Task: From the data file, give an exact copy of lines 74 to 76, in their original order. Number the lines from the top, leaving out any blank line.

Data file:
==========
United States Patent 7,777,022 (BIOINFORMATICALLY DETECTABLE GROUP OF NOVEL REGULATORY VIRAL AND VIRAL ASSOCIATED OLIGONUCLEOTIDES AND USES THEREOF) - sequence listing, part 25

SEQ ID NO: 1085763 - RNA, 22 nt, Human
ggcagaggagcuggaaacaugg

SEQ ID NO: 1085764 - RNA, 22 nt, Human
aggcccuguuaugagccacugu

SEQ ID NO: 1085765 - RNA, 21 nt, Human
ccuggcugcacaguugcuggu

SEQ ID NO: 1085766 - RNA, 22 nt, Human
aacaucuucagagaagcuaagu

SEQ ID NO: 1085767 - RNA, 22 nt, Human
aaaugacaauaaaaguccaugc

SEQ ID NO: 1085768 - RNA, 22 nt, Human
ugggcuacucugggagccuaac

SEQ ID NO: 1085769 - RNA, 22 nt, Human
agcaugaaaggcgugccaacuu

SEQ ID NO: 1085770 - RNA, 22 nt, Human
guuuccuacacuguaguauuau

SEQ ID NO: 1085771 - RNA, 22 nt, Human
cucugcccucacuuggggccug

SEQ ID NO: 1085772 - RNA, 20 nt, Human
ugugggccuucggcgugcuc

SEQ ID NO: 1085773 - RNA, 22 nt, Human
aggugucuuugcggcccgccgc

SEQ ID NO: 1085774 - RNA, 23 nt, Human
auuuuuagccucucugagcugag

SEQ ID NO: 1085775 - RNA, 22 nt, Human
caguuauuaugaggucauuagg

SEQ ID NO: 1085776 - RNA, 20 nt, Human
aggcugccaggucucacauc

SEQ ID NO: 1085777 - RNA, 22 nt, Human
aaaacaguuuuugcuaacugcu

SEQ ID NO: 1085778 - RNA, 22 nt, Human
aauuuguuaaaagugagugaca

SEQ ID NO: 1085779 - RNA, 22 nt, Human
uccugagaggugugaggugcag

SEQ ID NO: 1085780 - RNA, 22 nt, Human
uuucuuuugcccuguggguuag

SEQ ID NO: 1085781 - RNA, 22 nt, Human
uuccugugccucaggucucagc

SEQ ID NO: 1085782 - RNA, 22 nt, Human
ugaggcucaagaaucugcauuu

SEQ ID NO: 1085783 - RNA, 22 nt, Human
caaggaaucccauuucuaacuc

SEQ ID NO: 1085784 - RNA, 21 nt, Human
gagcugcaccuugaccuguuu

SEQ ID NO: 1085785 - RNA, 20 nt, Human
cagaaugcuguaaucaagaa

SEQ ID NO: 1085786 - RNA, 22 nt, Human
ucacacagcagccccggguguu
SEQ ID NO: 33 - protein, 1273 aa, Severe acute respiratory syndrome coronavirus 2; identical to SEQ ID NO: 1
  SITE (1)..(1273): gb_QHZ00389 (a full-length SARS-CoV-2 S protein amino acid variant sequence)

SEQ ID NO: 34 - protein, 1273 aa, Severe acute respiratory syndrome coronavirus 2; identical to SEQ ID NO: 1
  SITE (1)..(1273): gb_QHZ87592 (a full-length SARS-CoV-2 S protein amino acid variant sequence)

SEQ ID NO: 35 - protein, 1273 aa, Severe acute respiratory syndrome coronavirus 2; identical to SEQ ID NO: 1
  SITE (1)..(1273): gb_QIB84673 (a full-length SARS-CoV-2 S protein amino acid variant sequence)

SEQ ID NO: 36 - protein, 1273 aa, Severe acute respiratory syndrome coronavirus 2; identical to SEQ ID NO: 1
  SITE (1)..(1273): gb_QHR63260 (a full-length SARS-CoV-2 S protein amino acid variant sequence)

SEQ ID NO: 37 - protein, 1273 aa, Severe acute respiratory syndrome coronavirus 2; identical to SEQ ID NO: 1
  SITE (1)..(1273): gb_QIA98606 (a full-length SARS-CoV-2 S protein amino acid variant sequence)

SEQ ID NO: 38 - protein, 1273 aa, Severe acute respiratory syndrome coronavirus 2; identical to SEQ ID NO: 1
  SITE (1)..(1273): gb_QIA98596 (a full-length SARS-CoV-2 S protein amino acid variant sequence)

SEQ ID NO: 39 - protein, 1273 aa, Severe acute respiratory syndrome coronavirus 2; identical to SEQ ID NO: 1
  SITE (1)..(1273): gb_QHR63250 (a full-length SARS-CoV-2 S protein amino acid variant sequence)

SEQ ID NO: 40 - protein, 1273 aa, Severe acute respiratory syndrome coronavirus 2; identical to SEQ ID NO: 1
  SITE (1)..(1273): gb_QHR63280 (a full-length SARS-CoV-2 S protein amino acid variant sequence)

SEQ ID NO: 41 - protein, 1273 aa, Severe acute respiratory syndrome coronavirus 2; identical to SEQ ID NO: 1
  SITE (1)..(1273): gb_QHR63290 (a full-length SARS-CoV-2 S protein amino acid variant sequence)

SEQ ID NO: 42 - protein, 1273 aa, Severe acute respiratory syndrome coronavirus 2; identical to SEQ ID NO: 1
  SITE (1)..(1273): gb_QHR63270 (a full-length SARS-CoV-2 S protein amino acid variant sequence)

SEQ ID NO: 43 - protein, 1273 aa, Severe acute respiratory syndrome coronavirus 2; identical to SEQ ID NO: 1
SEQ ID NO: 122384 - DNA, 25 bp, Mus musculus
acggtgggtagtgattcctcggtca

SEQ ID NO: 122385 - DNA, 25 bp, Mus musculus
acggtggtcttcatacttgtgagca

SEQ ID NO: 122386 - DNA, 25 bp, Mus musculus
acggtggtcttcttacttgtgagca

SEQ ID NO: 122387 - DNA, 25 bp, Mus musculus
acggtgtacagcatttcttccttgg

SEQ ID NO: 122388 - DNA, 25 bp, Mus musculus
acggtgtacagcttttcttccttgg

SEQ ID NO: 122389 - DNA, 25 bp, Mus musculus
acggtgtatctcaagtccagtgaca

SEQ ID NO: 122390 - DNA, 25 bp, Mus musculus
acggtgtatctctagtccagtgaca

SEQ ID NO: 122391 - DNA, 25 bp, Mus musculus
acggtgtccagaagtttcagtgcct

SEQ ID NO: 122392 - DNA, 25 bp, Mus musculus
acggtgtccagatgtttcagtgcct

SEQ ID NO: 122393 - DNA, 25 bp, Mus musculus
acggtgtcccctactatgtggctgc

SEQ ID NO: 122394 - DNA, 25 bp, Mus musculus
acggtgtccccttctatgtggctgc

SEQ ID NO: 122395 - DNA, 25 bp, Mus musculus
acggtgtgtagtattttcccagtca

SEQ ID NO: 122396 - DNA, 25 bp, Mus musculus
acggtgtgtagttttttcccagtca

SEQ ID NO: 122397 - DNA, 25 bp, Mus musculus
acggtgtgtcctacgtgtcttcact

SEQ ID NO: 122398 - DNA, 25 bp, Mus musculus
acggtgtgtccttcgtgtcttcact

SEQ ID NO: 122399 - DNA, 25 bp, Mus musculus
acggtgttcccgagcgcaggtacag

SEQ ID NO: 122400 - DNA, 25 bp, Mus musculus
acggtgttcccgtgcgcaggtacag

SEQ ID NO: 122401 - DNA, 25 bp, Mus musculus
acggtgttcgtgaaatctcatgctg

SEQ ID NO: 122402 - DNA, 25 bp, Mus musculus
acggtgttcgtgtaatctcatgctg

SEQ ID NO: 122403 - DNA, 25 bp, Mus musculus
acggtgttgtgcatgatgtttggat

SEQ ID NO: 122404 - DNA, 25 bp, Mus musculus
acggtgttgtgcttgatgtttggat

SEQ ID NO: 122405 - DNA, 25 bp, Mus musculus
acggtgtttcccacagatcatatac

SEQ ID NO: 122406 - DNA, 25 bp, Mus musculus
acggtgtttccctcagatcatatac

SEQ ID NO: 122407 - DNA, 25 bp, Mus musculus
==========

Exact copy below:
acggtggtcttcatacttgtgagca

SEQ ID NO: 122386 - DNA, 25 bp, Mus musculus
acggtggtcttcttacttgtgagca